Commuters in the national capital will have to shell out more to travel in DTC and Blueline buses as Delhi Government on Monday decided to increase the fares after almost seven years to meet the increasing revenue shortfall.
Announcing the decision after a Cabinet meeting, Chief Minister Sheila Dikshit said the minimum fare of Rs three for upto four kilometres has been increased to Rs five, while the Rs seven and Rs 10 tickets have been increased to Rs 10 (up to 10 kms) and 15 (above 10 kms) respectively. "We are offering a clean and modern transport system to the citizens. We are increasing the fleet of low floor buses to 5,000. So, to make up a portion of the cost we have decided to increase the bus fare," Dikshit said, justifying the hike. She said the fares have been hiked after almost seven years.
The government also revised the rate of monthly students' pass from the existing Rs 12.50 to Rs 100 and fare of general pass has been increased from Rs 400 to 800. However, rates of concessional bus travel pass for senior citizens and journalists have not been increased. Officials said rates of concessional passes were last revised almost two decades back. Although Dikshit said the new fares will come into effect immediately, Transport Minister Arvinder Singh Lovely said the rates will come into force only after six-seven days as new tickets will have to be printed and notifications will have to be issued.
The new fare structure will have three slabs instead of current four which were-- Rs 3, Rs 5, Rs 7 and Rs 10. Lovely said Blue Line buses will also be allowed to collect fares as per the new rates as "there cannot be two fare structures in the city." "The phase out of the Blue Line buses will be completed within April next year. So they will be allowed to collect the new rates for these remaining months," Lovely said adding, the government would earn Rs 400 crore yearly revenue as result of the increase. Commuters in the city reacted to the decision angrily saying already they are over burdened with increasing food prices and recession in the economy. "They have increased the fare as there is no election in next couple of years.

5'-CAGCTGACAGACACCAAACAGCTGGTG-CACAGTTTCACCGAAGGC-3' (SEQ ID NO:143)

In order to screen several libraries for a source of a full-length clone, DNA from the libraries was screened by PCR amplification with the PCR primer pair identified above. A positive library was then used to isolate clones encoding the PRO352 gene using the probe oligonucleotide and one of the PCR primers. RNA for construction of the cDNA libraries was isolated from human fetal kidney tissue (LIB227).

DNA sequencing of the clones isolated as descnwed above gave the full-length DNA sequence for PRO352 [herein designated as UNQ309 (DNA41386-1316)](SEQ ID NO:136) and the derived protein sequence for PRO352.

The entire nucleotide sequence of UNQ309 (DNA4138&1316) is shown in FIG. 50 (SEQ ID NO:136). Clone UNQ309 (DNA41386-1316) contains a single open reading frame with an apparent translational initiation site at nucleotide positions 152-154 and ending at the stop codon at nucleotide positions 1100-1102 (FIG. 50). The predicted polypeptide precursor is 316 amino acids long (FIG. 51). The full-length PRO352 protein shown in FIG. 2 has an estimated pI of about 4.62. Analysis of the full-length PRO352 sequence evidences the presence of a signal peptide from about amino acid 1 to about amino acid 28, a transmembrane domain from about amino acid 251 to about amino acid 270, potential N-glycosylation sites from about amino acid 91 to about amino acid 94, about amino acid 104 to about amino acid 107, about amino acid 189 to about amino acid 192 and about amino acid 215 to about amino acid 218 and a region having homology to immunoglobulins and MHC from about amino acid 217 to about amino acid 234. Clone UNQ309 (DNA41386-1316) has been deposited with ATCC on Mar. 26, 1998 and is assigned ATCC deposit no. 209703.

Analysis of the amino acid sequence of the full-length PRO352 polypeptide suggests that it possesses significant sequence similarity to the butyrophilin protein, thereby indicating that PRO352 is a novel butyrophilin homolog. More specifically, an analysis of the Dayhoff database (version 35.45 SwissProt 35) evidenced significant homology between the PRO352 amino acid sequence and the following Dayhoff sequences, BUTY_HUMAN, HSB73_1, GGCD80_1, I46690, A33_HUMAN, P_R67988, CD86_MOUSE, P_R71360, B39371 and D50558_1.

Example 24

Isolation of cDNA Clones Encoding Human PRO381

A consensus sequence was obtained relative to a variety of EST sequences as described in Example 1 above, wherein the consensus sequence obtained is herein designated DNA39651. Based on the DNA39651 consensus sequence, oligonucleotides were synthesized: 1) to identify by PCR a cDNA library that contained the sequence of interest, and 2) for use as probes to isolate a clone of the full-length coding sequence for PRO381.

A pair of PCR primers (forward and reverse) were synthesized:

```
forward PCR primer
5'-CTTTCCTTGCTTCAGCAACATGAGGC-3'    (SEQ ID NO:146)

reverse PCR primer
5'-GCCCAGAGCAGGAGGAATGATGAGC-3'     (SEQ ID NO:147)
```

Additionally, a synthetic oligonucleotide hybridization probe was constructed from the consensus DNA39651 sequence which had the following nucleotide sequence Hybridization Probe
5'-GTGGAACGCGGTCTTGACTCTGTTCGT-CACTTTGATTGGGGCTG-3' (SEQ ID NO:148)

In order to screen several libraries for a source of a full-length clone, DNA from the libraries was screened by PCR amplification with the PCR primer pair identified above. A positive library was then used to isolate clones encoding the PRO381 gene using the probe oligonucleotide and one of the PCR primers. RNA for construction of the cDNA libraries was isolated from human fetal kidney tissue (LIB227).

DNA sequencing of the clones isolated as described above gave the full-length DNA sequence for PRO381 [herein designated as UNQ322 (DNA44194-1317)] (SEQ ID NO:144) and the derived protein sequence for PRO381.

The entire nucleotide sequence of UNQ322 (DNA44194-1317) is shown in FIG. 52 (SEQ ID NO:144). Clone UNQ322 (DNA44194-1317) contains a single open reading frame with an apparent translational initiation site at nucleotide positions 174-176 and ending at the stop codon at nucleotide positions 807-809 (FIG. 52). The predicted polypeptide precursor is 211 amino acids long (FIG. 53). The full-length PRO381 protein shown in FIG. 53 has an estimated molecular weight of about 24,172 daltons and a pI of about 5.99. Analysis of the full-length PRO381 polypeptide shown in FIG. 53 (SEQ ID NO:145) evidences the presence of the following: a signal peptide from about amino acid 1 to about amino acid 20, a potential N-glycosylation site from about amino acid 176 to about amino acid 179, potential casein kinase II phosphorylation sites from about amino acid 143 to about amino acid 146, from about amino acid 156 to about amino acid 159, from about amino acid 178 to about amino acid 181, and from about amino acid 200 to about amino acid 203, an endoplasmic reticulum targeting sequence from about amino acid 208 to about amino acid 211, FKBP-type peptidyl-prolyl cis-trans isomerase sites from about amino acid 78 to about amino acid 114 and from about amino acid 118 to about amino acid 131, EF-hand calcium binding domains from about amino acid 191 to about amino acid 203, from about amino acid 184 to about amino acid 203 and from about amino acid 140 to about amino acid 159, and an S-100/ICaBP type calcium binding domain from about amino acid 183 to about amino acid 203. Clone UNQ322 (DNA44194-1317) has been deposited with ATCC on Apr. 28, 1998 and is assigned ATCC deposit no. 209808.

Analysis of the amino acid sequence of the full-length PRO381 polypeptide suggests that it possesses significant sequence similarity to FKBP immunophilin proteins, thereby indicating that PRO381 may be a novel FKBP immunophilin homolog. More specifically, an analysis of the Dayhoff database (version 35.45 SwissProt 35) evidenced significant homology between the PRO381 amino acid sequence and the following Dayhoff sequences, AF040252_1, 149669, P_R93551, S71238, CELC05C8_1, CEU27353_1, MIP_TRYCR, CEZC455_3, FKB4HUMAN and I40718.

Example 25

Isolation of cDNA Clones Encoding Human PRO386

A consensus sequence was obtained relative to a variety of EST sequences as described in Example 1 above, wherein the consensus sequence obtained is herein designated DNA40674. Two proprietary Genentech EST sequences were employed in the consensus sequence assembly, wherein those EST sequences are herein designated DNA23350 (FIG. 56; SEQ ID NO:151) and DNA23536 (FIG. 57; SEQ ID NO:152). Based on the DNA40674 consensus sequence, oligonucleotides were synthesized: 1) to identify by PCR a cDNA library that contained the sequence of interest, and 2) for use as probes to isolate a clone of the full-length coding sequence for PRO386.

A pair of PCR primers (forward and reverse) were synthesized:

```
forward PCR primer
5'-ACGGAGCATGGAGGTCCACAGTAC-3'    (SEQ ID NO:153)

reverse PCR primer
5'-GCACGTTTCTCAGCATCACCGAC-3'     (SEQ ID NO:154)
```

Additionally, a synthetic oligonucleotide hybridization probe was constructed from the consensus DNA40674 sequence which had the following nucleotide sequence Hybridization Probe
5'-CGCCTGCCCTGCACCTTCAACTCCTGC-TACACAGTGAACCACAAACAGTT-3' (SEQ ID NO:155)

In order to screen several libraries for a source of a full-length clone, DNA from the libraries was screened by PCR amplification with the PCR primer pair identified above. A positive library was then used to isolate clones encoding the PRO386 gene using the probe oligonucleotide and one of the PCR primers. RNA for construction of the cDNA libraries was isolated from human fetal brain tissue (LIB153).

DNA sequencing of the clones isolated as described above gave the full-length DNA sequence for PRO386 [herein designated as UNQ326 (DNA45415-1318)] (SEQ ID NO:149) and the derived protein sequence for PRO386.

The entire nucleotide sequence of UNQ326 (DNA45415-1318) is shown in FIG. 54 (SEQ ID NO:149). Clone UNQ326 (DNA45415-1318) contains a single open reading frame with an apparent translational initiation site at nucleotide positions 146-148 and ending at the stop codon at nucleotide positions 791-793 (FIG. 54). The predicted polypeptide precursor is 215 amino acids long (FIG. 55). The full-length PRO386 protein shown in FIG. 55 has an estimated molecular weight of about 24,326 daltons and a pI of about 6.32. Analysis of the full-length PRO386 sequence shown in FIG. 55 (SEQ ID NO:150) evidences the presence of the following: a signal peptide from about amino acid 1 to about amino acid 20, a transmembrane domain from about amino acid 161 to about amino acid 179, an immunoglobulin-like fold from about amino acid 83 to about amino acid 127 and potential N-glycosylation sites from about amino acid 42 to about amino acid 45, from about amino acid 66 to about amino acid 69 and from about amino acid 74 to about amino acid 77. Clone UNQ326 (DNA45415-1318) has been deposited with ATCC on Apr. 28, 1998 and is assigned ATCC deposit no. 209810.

The fare increase will add to my financial woes," said Saurabh Gulati, a marketing executive with a telecom company. For Shankar Das, a peon in a private company in Connaught Place, the fare hike decision is a "bolt from the blue". "I will have to shell out Rs 250 more monthly. I have two kids and do not know how I will manage my family," Das, who stays in Laxmi Nagar area of the city, said. On whether fare of air conditioned buses will be revised, he said the DTC board will take an appropriate decision on the issue.
The DTC, which runs the world's largest fleet of CNG buses, has incurred a total loss of over 1,222 crore in the financial year 2007-08. Lovely said the Cabinet also approved a proposal to procure 1,250 low floor buses. "We have dropped the idea of procuring semi-low floor buses. Instead of semi-low floor, we will procure low-floor buses only."
As per the latest audit report, DTC's accumulated loss stood at over Rs 6,500 crore as in March 2009.
To improve its financial condition, the department has also sent a proposal to Union Urban Development Ministry to develop commercial complexes like luxury hotels and restaurants at various interstate bus terminals in the city.
The DTC had asked for a 50 per cent hike to reduce the losses which is estimated at over Rs one crore a day.
The concession passes cost the DTC about Rs 150 crore per year. The fares were last revised in 2002.
Standing by the decision to hike fares, Lovely said bus fares in Delhi are the lowest among all the metros. Lovely said during next year's Commonwealth Games, the DTC will have a fleet of 5,000 low floor buses and 2,000 general buses. He said the Government has already started work on changing the colour of 2,000 green and yellow DTC buses to grass green colour. "We will also change the interiors of the old buses to make travel comfortable," Lovely said. PTI